As some of you know, on November 19, 2018, I won the 9th Annual Collectors Prize from an organization called Historic New England, for my collection of memorabilia about the history of broadcasting (especially radio). https://www.facebook.com/photo.php?fbid=10156840135181407&set=a.10150195599766407&type=3&theater
In my acceptance speech, I spoke about why I collect such things as old playlists and top-40 surveys; old radio station postcards; magazines about the hit songs of different eras; and rare photos of some of broadcasting's earliest studios, announcers, and sportscasters. No, I'm not just a pack rat, although most collectors (myself included) do seem to enjoy preserving lots of old artifacts. But there's a good reason for collecting: we're trying to keep important aspects of our past alive, so that future generations will better understand what life was like. Yes, you can look at a lot of these items online; but being able to actually hold them in your hands, as people from that era did, is a very powerful experience.
For me, another thing I am trying to do is to say "thank you" to the men and women who came before me, the people who created the industry in which I spent nearly four decades. One of these pioneering broadcasters was Eunice Randall. In radio's earliest years, she was greater Boston's first female announcer (and one of the first in the USA), who also worked in a factory helping to assemble radio receivers and doing technical drawings. Since the late 1990s, it has been my privilege to research and tell Eunice's story, writing her and other forgotten women back into the history of broadcasting. (I even wrote a book about it, "Invisible Stars: A Social History of Women in American Broadcasting," now in a 2nd edition.) And yes, I've also found a number of interesting men, who may never have achieved national fame but who were popular at their local station. I tell their stories too.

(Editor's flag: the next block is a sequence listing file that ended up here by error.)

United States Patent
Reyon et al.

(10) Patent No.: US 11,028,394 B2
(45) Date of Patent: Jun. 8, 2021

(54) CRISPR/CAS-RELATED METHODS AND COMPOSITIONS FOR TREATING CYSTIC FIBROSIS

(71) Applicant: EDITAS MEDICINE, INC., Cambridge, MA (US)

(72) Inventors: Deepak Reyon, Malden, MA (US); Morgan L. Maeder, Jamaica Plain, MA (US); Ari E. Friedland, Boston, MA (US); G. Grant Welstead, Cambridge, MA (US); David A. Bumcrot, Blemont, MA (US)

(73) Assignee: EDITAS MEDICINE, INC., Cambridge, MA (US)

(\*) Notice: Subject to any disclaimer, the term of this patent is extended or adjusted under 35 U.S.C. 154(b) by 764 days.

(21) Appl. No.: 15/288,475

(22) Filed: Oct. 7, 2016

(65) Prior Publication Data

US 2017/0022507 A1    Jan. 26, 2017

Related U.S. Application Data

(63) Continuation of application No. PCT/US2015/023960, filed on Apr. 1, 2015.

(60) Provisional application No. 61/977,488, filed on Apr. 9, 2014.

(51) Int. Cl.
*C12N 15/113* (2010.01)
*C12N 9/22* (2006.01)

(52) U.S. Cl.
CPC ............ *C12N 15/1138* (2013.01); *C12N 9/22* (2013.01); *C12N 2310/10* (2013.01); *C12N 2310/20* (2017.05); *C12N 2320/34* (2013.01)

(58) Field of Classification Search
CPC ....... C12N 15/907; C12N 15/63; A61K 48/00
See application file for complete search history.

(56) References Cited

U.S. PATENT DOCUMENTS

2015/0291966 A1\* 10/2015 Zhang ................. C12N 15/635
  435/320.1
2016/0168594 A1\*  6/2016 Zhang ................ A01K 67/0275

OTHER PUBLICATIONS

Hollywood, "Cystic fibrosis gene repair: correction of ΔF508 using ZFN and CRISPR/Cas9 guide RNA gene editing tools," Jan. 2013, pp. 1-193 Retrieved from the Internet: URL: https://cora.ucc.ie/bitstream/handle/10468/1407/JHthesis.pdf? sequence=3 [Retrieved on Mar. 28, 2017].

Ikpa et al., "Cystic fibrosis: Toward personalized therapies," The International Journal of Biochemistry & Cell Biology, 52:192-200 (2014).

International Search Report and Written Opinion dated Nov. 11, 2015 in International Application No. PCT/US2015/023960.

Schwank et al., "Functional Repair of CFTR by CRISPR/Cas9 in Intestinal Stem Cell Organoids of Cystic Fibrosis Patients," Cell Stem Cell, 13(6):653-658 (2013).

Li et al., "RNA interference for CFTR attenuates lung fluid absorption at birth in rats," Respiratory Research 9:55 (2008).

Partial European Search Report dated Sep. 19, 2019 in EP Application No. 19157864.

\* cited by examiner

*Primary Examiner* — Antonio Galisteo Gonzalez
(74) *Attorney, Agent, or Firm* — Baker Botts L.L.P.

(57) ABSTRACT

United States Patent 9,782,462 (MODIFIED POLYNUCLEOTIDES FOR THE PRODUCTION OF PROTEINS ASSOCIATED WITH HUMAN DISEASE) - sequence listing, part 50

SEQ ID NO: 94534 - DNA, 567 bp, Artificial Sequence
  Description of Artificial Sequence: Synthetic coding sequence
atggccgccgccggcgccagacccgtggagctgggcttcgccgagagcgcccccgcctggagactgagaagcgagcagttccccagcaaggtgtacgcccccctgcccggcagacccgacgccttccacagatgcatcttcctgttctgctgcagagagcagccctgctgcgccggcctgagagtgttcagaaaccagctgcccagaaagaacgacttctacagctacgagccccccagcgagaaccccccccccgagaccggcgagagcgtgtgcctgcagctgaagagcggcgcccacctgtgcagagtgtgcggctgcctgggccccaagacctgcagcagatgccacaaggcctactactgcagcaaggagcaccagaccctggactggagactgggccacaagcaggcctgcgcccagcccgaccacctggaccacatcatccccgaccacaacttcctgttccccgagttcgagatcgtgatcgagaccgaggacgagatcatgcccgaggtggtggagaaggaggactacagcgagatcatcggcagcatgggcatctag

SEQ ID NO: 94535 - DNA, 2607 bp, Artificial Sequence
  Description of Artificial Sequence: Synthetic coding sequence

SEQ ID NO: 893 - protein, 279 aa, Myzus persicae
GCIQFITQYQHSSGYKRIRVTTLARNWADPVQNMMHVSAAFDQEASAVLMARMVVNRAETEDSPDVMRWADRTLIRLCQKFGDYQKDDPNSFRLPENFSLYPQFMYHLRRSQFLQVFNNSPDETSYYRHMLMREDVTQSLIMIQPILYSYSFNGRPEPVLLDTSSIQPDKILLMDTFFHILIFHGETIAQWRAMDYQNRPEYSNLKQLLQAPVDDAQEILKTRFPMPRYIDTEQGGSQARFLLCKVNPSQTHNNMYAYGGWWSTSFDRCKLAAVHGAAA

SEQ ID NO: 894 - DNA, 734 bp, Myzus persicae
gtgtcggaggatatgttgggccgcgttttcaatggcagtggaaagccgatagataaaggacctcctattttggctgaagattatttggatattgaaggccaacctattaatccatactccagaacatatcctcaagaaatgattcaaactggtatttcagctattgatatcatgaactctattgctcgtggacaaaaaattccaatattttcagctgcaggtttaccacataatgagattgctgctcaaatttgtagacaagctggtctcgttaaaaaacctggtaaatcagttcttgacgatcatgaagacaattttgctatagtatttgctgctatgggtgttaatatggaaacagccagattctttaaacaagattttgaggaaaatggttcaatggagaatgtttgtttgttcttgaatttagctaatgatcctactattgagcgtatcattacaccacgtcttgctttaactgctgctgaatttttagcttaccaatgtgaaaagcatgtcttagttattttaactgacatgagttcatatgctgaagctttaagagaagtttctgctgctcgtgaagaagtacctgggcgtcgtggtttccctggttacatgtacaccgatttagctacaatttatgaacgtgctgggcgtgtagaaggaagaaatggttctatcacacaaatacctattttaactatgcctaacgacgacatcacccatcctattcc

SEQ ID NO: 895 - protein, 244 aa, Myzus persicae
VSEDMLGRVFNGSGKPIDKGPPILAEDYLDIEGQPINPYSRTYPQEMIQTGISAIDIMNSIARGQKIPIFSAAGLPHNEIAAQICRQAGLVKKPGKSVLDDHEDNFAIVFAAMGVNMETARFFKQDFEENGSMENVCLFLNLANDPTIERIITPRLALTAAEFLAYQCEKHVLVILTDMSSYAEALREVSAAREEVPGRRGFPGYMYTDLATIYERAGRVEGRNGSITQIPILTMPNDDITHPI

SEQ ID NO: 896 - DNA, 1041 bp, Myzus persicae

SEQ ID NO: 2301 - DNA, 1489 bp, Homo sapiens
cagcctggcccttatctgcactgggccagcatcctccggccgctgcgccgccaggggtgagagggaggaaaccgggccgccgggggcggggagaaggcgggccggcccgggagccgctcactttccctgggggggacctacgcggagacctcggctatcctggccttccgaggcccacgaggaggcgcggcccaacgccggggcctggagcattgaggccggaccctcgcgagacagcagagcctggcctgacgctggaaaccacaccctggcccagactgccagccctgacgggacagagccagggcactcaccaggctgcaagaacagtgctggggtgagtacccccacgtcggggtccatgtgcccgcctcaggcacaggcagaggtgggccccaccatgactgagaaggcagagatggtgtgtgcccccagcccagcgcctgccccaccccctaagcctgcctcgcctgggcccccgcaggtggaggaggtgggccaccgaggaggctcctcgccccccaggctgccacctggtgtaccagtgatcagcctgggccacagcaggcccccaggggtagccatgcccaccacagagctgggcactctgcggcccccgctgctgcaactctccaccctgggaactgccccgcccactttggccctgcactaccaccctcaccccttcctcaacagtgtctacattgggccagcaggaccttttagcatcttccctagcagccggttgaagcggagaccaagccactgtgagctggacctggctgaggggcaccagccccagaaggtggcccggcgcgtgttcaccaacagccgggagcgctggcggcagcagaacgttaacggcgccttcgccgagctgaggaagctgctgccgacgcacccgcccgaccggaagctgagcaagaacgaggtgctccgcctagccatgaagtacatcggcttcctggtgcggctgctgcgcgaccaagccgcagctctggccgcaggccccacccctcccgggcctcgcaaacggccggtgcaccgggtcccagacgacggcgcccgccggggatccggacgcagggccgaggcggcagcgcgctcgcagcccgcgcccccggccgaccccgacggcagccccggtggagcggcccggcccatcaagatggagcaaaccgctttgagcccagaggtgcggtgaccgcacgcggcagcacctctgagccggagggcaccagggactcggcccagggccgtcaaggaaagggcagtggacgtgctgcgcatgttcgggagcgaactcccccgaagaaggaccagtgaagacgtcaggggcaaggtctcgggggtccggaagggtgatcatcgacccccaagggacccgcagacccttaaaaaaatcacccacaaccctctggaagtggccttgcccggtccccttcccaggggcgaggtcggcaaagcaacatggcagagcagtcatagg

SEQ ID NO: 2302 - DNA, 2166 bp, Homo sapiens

In my opinion, history doesn't have to be dry and boring. It's the story of real people-- how they lived, what they accomplished, why they still matter. That's how I present the history of broadcasting when I give talks at libraries, museums, and schools. And I bring some of my rare memorabilia, so the audience can go back in time and see what people from that era saw. Sometimes, I meet living relatives of the people I've researched, which is always exciting for me. Sometimes, audience members tell me how fondly they remember some of the people I'm discussing. And as I tell these stories, my collection makes the anecdotes and the historical facts more real-- which is exactly what I want it to do.
Perhaps you have older relatives who might enjoy reminiscing about that "friendly voice" they enjoyed hearing each day. Or perhaps you met someone who used to be on the air, and you can make sure their story lives on. Today, radio may not be as dominant a medium as it once was, but for so many years, it made millions of people happy; and based on the reaction I get when I give my talks, there are still many people who grew up with radio, still many people who listen even now. So, I will keep doing my research, keep collecting, keep looking for stories I can tell, and do my part to make sure that the spirit of radio lives on.